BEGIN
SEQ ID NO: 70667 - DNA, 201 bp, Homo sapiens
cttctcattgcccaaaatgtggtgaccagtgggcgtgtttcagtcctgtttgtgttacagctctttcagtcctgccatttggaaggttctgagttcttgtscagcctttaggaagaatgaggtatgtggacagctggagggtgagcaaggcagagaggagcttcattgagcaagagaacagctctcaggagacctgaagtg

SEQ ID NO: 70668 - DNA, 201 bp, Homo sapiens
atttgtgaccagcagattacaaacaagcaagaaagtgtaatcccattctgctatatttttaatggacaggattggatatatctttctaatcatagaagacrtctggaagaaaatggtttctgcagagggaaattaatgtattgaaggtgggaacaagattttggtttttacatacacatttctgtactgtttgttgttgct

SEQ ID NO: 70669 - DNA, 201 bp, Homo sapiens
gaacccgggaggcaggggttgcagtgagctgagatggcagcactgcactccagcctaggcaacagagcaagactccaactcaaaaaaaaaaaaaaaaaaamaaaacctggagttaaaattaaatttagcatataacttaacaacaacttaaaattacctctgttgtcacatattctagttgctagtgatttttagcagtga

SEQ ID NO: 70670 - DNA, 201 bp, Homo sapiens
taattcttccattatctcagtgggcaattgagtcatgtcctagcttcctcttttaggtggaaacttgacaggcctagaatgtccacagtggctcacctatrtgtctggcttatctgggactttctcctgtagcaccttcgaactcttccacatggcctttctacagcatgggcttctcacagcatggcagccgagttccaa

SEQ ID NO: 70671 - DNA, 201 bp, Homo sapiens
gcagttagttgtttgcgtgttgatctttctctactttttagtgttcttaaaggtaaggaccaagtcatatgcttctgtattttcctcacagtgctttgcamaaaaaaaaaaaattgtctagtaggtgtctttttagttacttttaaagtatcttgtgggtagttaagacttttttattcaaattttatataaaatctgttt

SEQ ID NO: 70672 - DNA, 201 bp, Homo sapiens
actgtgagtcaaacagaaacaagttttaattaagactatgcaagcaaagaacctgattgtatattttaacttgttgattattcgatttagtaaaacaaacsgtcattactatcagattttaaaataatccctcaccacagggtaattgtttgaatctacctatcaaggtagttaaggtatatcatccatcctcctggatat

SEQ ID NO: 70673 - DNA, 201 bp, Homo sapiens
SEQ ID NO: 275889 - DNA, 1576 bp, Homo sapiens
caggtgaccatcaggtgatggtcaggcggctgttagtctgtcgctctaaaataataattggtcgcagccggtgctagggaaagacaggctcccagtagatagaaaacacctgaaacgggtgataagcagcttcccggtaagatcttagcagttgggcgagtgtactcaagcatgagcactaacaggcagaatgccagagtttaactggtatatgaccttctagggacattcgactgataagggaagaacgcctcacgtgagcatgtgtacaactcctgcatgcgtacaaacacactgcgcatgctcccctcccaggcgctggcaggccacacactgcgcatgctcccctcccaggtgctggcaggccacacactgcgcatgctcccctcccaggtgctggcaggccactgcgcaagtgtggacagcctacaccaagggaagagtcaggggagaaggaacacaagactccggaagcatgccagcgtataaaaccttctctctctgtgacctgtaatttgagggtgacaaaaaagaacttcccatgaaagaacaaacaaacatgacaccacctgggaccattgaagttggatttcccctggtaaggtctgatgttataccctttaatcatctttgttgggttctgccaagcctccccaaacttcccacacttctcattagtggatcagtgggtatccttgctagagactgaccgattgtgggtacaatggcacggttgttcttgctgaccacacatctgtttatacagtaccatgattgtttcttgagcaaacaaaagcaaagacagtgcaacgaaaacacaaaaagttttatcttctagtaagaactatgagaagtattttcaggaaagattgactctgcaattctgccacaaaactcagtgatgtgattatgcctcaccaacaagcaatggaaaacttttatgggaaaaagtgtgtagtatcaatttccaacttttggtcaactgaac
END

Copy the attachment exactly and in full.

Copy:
SEQ ID NO: 70667 - DNA, 201 bp, Homo sapiens
cttctcattgcccaaaatgtggtgaccagtgggcgtgtttcagtcctgtttgtgttacagctctttcagtcctgccatttggaaggttctgagttcttgtscagcctttaggaagaatgaggtatgtggacagctggagggtgagcaaggcagagaggagcttcattgagcaagagaacagctctcaggagacctgaagtg

SEQ ID NO: 70668 - DNA, 201 bp, Homo sapiens
atttgtgaccagcagattacaaacaagcaagaaagtgtaatcccattctgctatatttttaatggacaggattggatatatctttctaatcatagaagacrtctggaagaaaatggtttctgcagagggaaattaatgtattgaaggtgggaacaagattttggtttttacatacacatttctgtactgtttgttgttgct

SEQ ID NO: 70669 - DNA, 201 bp, Homo sapiens
gaacccgggaggcaggggttgcagtgagctgagatggcagcactgcactccagcctaggcaacagagcaagactccaactcaaaaaaaaaaaaaaaaaaamaaaacctggagttaaaattaaatttagcatataacttaacaacaacttaaaattacctctgttgtcacatattctagttgctagtgatttttagcagtga

SEQ ID NO: 70670 - DNA, 201 bp, Homo sapiens
taattcttccattatctcagtgggcaattgagtcatgtcctagcttcctcttttaggtggaaacttgacaggcctagaatgtccacagtggctcacctatrtgtctggcttatctgggactttctcctgtagcaccttcgaactcttccacatggcctttctacagcatgggcttctcacagcatggcagccgagttccaa

SEQ ID NO: 70671 - DNA, 201 bp, Homo sapiens
gcagttagttgtttgcgtgttgatctttctctactttttagtgttcttaaaggtaaggaccaagtcatatgcttctgtattttcctcacagtgctttgcamaaaaaaaaaaaattgtctagtaggtgtctttttagttacttttaaagtatcttgtgggtagttaagacttttttattcaaattttatataaaatctgttt

SEQ ID NO: 70672 - DNA, 201 bp, Homo sapiens
actgtgagtcaaacagaaacaagttttaattaagactatgcaagcaaagaacctgattgtatattttaacttgttgattattcgatttagtaaaacaaacsgtcattactatcagattttaaaataatccctcaccacagggtaattgtttgaatctacctatcaaggtagttaaggtatatcatccatcctcctggatat

SEQ ID NO: 70673 - DNA, 201 bp, Homo sapiens
SEQ ID NO: 275889 - DNA, 1576 bp, Homo sapiens
caggtgaccatcaggtgatggtcaggcggctgttagtctgtcgctctaaaataataattggtcgcagccggtgctagggaaagacaggctcccagtagatagaaaacacctgaaacgggtgataagcagcttcccggtaagatcttagcagttgggcgagtgtactcaagcatgagcactaacaggcagaatgccagagtttaactggtatatgaccttctagggacattcgactgataagggaagaacgcctcacgtgagcatgtgtacaactcctgcatgcgtacaaacacactgcgcatgctcccctcccaggcgctggcaggccacacactgcgcatgctcccctcccaggtgctggcaggccacacactgcgcatgctcccctcccaggtgctggcaggccactgcgcaagtgtggacagcctacaccaagggaagagtcaggggagaaggaacacaagactccggaagcatgccagcgtataaaaccttctctctctgtgacctgtaatttgagggtgacaaaaaagaacttcccatgaaagaacaaacaaacatgacaccacctgggaccattgaagttggatttcccctggtaaggtctgatgttataccctttaatcatctttgttgggttctgccaagcctccccaaacttcccacacttctcattagtggatcagtgggtatccttgctagagactgaccgattgtgggtacaatggcacggttgttcttgctgaccacacatctgtttatacagtaccatgattgtttcttgagcaaacaaaagcaaagacagtgcaacgaaaacacaaaaagttttatcttctagtaagaactatgagaagtattttcaggaaagattgactctgcaattctgccacaaaactcagtgatgtgattatgcctcaccaacaagcaatggaaaacttttatgggaaaaagtgtgtagtatcaatttccaacttttggtcaactgaac